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The domestic ferret has traditionally been used for rodent and rabbit control but is now more likely to be kept as a pet. It is believed to have originated from the Western or Eastern European polecat, both of which looked similar and belong to the weasel genus.

Ferrets have a chequered history through no fault of their own. They have been used in New Zealand (to great effect) and in Australia (to lesser effect) to eradicate or control huge rabbit populations that were introduced by man.

It is difficult to know, as with many species that have been introduced to the UK, exactly where and when they became domesticated. What is clear is that they are fearless hunters. As a child, keeping ferrets I was always a bit scared of them, they did not smell nice and were often known to ‘nip’ as my grandfather would say.

They are either black, brown and white, or totally white (albino almost) and live for between 7-10 years. The white variety are favoured as they are easy to see through cover when they exit a rabbit burrow. The male is always larger than the female who will give birth to a litter of ‘kits’ ranging from 6 to 10, who are blind and deaf at birth. Although born without teeth they develop these quickly and will have their first “nippy” teeth by 10 days old.


Caring for Ferrets

Ferrets are strict carnivores, although years ago they were fed bread and milk! They cannot digest this type of food and need to be fed meat in small quantities on a regular basis. The most important thing however is water. They must have constant access to clean water as they need this to help their digestion process.

Ferrets can be bought relatively cheaply, partly due to the ‘fad’ of keeping them as pets. They should have a hutch similar to a rabbit, split into two parts with a dark part to sleep in. Sawdust on the base of the hutch and some hay in the bedroom will ensure they are comfortable.

Before hunting with ferrets, you need to decide on what method you will use to catch and dispatch the rabbits once they exit their burrow, often at speed. Nets are the quietest and most effective way although some people use dogs or even shoot the rabbits as they clear the cover after exiting the burrow. The most important thing is that you have people either side of the hedge or mound so you can see the ferret once it pops out.

In the past a small collar with a bell on it would give you an idea of its location as long as it was moving! This has been superseded by advances in technology; GPS collars are now readily available to allow exact re-location of the ferret if it decides to eat a caught rabbit and go to sleep underground. GPS doesn’t work underground however!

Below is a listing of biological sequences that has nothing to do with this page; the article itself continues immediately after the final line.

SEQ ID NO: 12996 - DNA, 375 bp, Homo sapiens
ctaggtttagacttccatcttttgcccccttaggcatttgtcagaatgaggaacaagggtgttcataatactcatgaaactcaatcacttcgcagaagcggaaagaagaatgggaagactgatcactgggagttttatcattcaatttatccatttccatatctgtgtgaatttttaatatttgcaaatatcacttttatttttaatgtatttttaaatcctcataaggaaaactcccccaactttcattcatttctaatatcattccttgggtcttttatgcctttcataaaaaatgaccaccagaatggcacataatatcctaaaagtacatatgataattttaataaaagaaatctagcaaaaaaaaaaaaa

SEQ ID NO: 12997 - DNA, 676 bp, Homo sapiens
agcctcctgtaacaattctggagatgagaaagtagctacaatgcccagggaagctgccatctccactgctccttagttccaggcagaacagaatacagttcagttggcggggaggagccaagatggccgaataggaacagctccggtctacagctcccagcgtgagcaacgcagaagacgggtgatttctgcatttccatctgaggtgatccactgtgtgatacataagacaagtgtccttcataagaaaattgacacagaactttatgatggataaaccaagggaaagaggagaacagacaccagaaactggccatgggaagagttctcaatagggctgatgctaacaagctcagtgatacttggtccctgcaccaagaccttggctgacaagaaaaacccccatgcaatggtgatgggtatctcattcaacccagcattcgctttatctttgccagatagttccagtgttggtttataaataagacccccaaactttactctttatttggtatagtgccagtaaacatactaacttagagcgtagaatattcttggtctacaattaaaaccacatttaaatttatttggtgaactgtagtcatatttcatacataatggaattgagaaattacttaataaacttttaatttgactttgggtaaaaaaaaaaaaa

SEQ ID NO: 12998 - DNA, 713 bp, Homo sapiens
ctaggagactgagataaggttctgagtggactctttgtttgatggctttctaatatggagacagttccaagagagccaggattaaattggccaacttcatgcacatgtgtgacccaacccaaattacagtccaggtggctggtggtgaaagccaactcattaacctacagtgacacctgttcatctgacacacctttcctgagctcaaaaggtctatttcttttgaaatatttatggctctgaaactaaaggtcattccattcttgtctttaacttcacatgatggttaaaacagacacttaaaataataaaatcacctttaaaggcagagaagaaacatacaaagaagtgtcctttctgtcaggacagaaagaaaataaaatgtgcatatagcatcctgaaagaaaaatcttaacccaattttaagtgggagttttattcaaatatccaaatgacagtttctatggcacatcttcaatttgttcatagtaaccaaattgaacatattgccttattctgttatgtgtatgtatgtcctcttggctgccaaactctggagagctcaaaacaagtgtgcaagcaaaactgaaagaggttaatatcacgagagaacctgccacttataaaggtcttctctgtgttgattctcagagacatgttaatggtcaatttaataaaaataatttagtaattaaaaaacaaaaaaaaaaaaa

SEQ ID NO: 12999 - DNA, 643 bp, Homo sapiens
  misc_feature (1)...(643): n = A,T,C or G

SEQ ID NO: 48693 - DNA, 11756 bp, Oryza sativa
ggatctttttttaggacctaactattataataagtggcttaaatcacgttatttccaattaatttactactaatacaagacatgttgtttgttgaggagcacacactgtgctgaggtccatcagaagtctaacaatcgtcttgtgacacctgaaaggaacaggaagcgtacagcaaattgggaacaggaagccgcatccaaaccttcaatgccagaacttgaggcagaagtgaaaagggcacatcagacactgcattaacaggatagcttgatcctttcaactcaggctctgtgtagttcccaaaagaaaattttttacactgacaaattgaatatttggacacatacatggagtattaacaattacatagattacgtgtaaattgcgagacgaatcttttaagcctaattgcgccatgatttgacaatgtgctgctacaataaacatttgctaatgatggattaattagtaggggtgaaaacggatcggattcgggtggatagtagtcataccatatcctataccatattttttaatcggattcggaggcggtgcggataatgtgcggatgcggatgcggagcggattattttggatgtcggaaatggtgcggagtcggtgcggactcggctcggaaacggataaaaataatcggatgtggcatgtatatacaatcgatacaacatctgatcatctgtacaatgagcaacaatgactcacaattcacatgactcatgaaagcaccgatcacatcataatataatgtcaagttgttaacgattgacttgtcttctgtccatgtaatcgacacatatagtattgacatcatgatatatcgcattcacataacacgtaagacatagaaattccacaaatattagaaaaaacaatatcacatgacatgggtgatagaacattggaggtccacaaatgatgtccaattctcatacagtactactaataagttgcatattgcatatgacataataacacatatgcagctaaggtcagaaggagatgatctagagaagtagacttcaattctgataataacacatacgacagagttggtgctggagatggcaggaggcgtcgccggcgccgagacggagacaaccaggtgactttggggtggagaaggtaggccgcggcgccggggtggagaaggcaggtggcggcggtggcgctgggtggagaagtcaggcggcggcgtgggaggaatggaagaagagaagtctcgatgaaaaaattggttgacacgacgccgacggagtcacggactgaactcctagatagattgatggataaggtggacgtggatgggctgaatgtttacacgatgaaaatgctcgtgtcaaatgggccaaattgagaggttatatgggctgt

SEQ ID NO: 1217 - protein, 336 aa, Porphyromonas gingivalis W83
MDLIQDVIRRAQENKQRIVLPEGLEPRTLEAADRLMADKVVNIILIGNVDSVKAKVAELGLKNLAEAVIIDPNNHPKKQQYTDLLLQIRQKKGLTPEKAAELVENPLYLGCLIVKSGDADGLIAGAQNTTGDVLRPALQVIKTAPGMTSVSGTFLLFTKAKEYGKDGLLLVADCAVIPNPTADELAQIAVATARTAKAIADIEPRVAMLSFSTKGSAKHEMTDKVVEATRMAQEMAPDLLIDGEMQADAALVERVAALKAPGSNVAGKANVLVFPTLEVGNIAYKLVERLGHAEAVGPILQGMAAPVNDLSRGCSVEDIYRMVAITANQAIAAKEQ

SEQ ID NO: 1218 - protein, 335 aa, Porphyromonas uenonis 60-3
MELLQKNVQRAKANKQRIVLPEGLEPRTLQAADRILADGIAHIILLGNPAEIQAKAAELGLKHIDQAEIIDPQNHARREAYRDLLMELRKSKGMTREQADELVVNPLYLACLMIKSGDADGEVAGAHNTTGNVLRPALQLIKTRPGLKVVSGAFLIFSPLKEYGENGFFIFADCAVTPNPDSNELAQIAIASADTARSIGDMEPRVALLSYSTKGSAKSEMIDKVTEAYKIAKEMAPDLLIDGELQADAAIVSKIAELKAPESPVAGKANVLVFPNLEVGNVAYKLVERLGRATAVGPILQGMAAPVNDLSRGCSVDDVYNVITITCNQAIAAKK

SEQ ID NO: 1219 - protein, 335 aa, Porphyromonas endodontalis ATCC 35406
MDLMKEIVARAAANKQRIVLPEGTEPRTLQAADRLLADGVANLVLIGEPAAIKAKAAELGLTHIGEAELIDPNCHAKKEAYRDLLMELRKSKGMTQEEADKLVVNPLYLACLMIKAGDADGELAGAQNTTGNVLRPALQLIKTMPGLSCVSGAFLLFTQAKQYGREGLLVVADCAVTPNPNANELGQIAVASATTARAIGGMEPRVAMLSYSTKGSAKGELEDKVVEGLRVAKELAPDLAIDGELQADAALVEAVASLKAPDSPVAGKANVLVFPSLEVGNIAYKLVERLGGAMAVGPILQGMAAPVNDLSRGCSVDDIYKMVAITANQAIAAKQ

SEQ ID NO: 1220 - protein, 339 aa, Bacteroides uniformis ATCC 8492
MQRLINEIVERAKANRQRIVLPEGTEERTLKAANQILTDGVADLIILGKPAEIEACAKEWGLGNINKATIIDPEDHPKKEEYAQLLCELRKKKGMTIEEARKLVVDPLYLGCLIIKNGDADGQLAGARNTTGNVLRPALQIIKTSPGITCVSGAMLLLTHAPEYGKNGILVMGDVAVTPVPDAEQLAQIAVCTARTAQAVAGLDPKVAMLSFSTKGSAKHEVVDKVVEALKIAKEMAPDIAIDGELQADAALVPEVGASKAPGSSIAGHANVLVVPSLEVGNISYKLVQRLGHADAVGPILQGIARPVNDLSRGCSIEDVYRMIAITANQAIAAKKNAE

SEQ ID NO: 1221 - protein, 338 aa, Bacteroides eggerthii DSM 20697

Once you have made a plan and identified a suitable rabbit warren, and have permission to be there, then quietly place and peg nets over the top of as many rabbit holes as you can identify. Try to make sure the net is laid on the ground for several inches then looped over the hole and pegged down. This will ensure that the rabbit should not be able to run straight out and go under the net which happens more often than admitted.

Now take the ferret out of its case or bag and let it do its job. Once it enters the warren stay and wait as it will not take long. If there are rabbits there, they will sense and smell the ferret. This is where survival kicks in and the rabbit will make for safety above ground as quickly as possible. You can often hear a ‘thump, thump’ from outside as the rabbit is racing to get out of the burrow. Once it exits it will become tangled in the net and should be dispatched as humanely and quickly as possible.

You might be surprised by how many rabbits there are in one location. This where experience will come to the fore. Once several rabbits have ‘bolted’ and it goes quiet you need to be vigilant to spot the ferret exiting the burrow. Once picked up and all nets collected the work starts to turn your rabbits into something delicious, although the unfashionable bit is gutting them. Do this as quickly as possible and do not forget to reward the ferret with the liver and kidneys!

Whilst it will never (in the vast majority of cases) steal your heart or become a companion, the humble ferret should of course be valued for what it does. It needs neither training nor affection, it simply does what its instinct tells it to do and we ultimately benefit.

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